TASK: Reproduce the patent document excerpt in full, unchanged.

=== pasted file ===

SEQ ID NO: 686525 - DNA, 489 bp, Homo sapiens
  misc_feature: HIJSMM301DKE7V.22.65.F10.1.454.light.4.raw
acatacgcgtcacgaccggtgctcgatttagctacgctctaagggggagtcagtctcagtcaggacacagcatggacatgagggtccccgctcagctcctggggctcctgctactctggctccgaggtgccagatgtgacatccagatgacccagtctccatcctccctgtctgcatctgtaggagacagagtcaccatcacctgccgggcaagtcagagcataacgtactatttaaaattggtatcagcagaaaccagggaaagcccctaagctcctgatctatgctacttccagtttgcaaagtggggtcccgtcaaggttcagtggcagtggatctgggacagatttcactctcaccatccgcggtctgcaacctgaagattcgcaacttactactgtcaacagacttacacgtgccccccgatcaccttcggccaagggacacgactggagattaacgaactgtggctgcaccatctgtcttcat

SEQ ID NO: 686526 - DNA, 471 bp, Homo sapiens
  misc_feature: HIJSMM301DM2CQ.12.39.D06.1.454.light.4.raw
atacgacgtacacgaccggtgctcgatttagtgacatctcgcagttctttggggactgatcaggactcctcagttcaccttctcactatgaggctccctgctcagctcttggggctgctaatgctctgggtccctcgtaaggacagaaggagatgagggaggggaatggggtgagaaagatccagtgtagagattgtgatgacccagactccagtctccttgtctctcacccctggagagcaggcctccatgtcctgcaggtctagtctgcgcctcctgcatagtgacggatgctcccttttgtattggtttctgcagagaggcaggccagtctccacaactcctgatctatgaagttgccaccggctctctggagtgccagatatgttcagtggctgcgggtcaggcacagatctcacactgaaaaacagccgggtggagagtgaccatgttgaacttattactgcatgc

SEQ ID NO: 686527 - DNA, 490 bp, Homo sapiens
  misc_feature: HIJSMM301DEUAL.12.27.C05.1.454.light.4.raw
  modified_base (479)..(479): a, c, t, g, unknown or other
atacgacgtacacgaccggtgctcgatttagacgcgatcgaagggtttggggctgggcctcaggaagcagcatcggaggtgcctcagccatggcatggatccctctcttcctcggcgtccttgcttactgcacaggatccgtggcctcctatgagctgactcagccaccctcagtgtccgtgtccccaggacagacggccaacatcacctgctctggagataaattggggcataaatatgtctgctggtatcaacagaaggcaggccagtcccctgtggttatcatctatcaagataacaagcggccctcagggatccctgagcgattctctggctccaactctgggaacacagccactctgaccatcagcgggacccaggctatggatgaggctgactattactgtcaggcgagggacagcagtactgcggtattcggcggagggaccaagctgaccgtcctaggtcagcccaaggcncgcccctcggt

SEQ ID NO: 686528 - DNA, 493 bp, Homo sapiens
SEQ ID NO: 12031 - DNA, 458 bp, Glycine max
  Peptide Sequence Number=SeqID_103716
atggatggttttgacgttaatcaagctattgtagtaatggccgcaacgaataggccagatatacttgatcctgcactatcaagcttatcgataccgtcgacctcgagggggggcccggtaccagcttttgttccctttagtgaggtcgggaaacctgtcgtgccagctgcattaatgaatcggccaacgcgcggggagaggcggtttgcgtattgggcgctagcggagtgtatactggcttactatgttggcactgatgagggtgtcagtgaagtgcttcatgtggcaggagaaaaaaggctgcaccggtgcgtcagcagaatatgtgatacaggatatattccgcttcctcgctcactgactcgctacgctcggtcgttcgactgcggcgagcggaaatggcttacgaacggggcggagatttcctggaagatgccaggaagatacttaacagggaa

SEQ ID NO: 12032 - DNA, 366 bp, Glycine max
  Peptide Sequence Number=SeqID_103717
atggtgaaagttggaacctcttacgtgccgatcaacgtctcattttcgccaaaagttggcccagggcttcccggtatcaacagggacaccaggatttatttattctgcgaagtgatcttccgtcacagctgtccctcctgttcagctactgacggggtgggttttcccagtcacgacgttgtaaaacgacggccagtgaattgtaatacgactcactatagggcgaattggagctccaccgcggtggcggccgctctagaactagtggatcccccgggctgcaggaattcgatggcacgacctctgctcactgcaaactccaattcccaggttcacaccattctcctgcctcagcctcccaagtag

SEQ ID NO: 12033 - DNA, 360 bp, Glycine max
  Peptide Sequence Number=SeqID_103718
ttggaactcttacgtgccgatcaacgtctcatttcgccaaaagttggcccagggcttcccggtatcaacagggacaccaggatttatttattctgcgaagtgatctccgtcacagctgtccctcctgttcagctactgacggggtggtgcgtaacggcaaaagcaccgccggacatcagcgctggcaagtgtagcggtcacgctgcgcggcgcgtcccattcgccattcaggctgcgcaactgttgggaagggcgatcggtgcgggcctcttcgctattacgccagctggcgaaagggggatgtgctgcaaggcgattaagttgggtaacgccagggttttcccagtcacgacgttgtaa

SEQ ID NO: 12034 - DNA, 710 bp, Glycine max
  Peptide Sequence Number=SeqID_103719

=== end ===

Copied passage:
SEQ ID NO: 686525 - DNA, 489 bp, Homo sapiens
  misc_feature: HIJSMM301DKE7V.22.65.F10.1.454.light.4.raw
acatacgcgtcacgaccggtgctcgatttagctacgctctaagggggagtcagtctcagtcaggacacagcatggacatgagggtccccgctcagctcctggggctcctgctactctggctccgaggtgccagatgtgacatccagatgacccagtctccatcctccctgtctgcatctgtaggagacagagtcaccatcacctgccgggcaagtcagagcataacgtactatttaaaattggtatcagcagaaaccagggaaagcccctaagctcctgatctatgctacttccagtttgcaaagtggggtcccgtcaaggttcagtggcagtggatctgggacagatttcactctcaccatccgcggtctgcaacctgaagattcgcaacttactactgtcaacagacttacacgtgccccccgatcaccttcggccaagggacacgactggagattaacgaactgtggctgcaccatctgtcttcat

SEQ ID NO: 686526 - DNA, 471 bp, Homo sapiens
  misc_feature: HIJSMM301DM2CQ.12.39.D06.1.454.light.4.raw
atacgacgtacacgaccggtgctcgatttagtgacatctcgcagttctttggggactgatcaggactcctcagttcaccttctcactatgaggctccctgctcagctcttggggctgctaatgctctgggtccctcgtaaggacagaaggagatgagggaggggaatggggtgagaaagatccagtgtagagattgtgatgacccagactccagtctccttgtctctcacccctggagagcaggcctccatgtcctgcaggtctagtctgcgcctcctgcatagtgacggatgctcccttttgtattggtttctgcagagaggcaggccagtctccacaactcctgatctatgaagttgccaccggctctctggagtgccagatatgttcagtggctgcgggtcaggcacagatctcacactgaaaaacagccgggtggagagtgaccatgttgaacttattactgcatgc

SEQ ID NO: 686527 - DNA, 490 bp, Homo sapiens
  misc_feature: HIJSMM301DEUAL.12.27.C05.1.454.light.4.raw
  modified_base (479)..(479): a, c, t, g, unknown or other
atacgacgtacacgaccggtgctcgatttagacgcgatcgaagggtttggggctgggcctcaggaagcagcatcggaggtgcctcagccatggcatggatccctctcttcctcggcgtccttgcttactgcacaggatccgtggcctcctatgagctgactcagccaccctcagtgtccgtgtccccaggacagacggccaacatcacctgctctggagataaattggggcataaatatgtctgctggtatcaacagaaggcaggccagtcccctgtggttatcatctatcaagataacaagcggccctcagggatccctgagcgattctctggctccaactctgggaacacagccactctgaccatcagcgggacccaggctatggatgaggctgactattactgtcaggcgagggacagcagtactgcggtattcggcggagggaccaagctgaccgtcctaggtcagcccaaggcncgcccctcggt

SEQ ID NO: 686528 - DNA, 493 bp, Homo sapiens
SEQ ID NO: 12031 - DNA, 458 bp, Glycine max
  Peptide Sequence Number=SeqID_103716
atggatggttttgacgttaatcaagctattgtagtaatggccgcaacgaataggccagatatacttgatcctgcactatcaagcttatcgataccgtcgacctcgagggggggcccggtaccagcttttgttccctttagtgaggtcgggaaacctgtcgtgccagctgcattaatgaatcggccaacgcgcggggagaggcggtttgcgtattgggcgctagcggagtgtatactggcttactatgttggcactgatgagggtgtcagtgaagtgcttcatgtggcaggagaaaaaaggctgcaccggtgcgtcagcagaatatgtgatacaggatatattccgcttcctcgctcactgactcgctacgctcggtcgttcgactgcggcgagcggaaatggcttacgaacggggcggagatttcctggaagatgccaggaagatacttaacagggaa

SEQ ID NO: 12032 - DNA, 366 bp, Glycine max
  Peptide Sequence Number=SeqID_103717
atggtgaaagttggaacctcttacgtgccgatcaacgtctcattttcgccaaaagttggcccagggcttcccggtatcaacagggacaccaggatttatttattctgcgaagtgatcttccgtcacagctgtccctcctgttcagctactgacggggtgggttttcccagtcacgacgttgtaaaacgacggccagtgaattgtaatacgactcactatagggcgaattggagctccaccgcggtggcggccgctctagaactagtggatcccccgggctgcaggaattcgatggcacgacctctgctcactgcaaactccaattcccaggttcacaccattctcctgcctcagcctcccaagtag

SEQ ID NO: 12033 - DNA, 360 bp, Glycine max
  Peptide Sequence Number=SeqID_103718
ttggaactcttacgtgccgatcaacgtctcatttcgccaaaagttggcccagggcttcccggtatcaacagggacaccaggatttatttattctgcgaagtgatctccgtcacagctgtccctcctgttcagctactgacggggtggtgcgtaacggcaaaagcaccgccggacatcagcgctggcaagtgtagcggtcacgctgcgcggcgcgtcccattcgccattcaggctgcgcaactgttgggaagggcgatcggtgcgggcctcttcgctattacgccagctggcgaaagggggatgtgctgcaaggcgattaagttgggtaacgccagggttttcccagtcacgacgttgtaa

SEQ ID NO: 12034 - DNA, 710 bp, Glycine max
  Peptide Sequence Number=SeqID_103719